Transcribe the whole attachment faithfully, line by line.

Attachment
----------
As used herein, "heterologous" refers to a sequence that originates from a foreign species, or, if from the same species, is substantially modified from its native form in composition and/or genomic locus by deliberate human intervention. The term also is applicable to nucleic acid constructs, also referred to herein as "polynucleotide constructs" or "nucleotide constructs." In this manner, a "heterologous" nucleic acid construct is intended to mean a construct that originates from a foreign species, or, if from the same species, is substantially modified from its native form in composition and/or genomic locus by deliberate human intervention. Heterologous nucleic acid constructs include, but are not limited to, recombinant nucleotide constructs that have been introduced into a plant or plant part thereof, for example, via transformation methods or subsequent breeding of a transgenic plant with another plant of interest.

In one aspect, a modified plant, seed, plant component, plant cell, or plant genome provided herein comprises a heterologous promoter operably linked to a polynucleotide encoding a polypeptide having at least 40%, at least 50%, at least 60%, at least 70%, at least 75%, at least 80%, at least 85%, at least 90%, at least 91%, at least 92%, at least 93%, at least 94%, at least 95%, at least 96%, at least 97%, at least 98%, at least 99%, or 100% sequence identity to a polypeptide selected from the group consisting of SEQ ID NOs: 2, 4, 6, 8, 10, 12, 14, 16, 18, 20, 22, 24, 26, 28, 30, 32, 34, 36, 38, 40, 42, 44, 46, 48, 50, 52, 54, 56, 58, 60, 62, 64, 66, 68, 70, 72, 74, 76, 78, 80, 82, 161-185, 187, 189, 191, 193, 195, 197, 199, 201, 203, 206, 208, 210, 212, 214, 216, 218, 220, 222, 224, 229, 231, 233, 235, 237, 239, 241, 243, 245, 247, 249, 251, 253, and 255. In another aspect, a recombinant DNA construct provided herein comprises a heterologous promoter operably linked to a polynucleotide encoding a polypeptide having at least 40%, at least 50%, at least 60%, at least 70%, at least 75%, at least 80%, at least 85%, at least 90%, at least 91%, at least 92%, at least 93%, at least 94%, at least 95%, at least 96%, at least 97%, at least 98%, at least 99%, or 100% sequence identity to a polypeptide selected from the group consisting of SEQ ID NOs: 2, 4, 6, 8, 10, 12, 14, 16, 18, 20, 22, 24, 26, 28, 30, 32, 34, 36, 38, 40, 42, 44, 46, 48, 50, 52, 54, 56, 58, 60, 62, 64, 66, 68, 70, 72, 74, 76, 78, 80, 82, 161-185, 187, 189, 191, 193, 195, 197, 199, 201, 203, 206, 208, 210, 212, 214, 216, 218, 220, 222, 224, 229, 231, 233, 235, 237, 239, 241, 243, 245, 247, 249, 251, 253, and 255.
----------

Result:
As used herein, "heterologous" refers to a sequence that originates from a foreign species, or, if from the same species, is substantially modified from its native form in composition and/or genomic locus by deliberate human intervention. The term also is applicable to nucleic acid constructs, also referred to herein as "polynucleotide constructs" or "nucleotide constructs." In this manner, a "heterologous" nucleic acid construct is intended to mean a construct that originates from a foreign species, or, if from the same species, is substantially modified from its native form in composition and/or genomic locus by deliberate human intervention. Heterologous nucleic acid constructs include, but are not limited to, recombinant nucleotide constructs that have been introduced into a plant or plant part thereof, for example, via transformation methods or subsequent breeding of a transgenic plant with another plant of interest.

In one aspect, a modified plant, seed, plant component, plant cell, or plant genome provided herein comprises a heterologous promoter operably linked to a polynucleotide encoding a polypeptide having at least 40%, at least 50%, at least 60%, at least 70%, at least 75%, at least 80%, at least 85%, at least 90%, at least 91%, at least 92%, at least 93%, at least 94%, at least 95%, at least 96%, at least 97%, at least 98%, at least 99%, or 100% sequence identity to a polypeptide selected from the group consisting of SEQ ID NOs: 2, 4, 6, 8, 10, 12, 14, 16, 18, 20, 22, 24, 26, 28, 30, 32, 34, 36, 38, 40, 42, 44, 46, 48, 50, 52, 54, 56, 58, 60, 62, 64, 66, 68, 70, 72, 74, 76, 78, 80, 82, 161-185, 187, 189, 191, 193, 195, 197, 199, 201, 203, 206, 208, 210, 212, 214, 216, 218, 220, 222, 224, 229, 231, 233, 235, 237, 239, 241, 243, 245, 247, 249, 251, 253, and 255. In another aspect, a recombinant DNA construct provided herein comprises a heterologous promoter operably linked to a polynucleotide encoding a polypeptide having at least 40%, at least 50%, at least 60%, at least 70%, at least 75%, at least 80%, at least 85%, at least 90%, at least 91%, at least 92%, at least 93%, at least 94%, at least 95%, at least 96%, at least 97%, at least 98%, at least 99%, or 100% sequence identity to a polypeptide selected from the group consisting of SEQ ID NOs: 2, 4, 6, 8, 10, 12, 14, 16, 18, 20, 22, 24, 26, 28, 30, 32, 34, 36, 38, 40, 42, 44, 46, 48, 50, 52, 54, 56, 58, 60, 62, 64, 66, 68, 70, 72, 74, 76, 78, 80, 82, 161-185, 187, 189, 191, 193, 195, 197, 199, 201, 203, 206, 208, 210, 212, 214, 216, 218, 220, 222, 224, 229, 231, 233, 235, 237, 239, 241, 243, 245, 247, 249, 251, 253, and 255.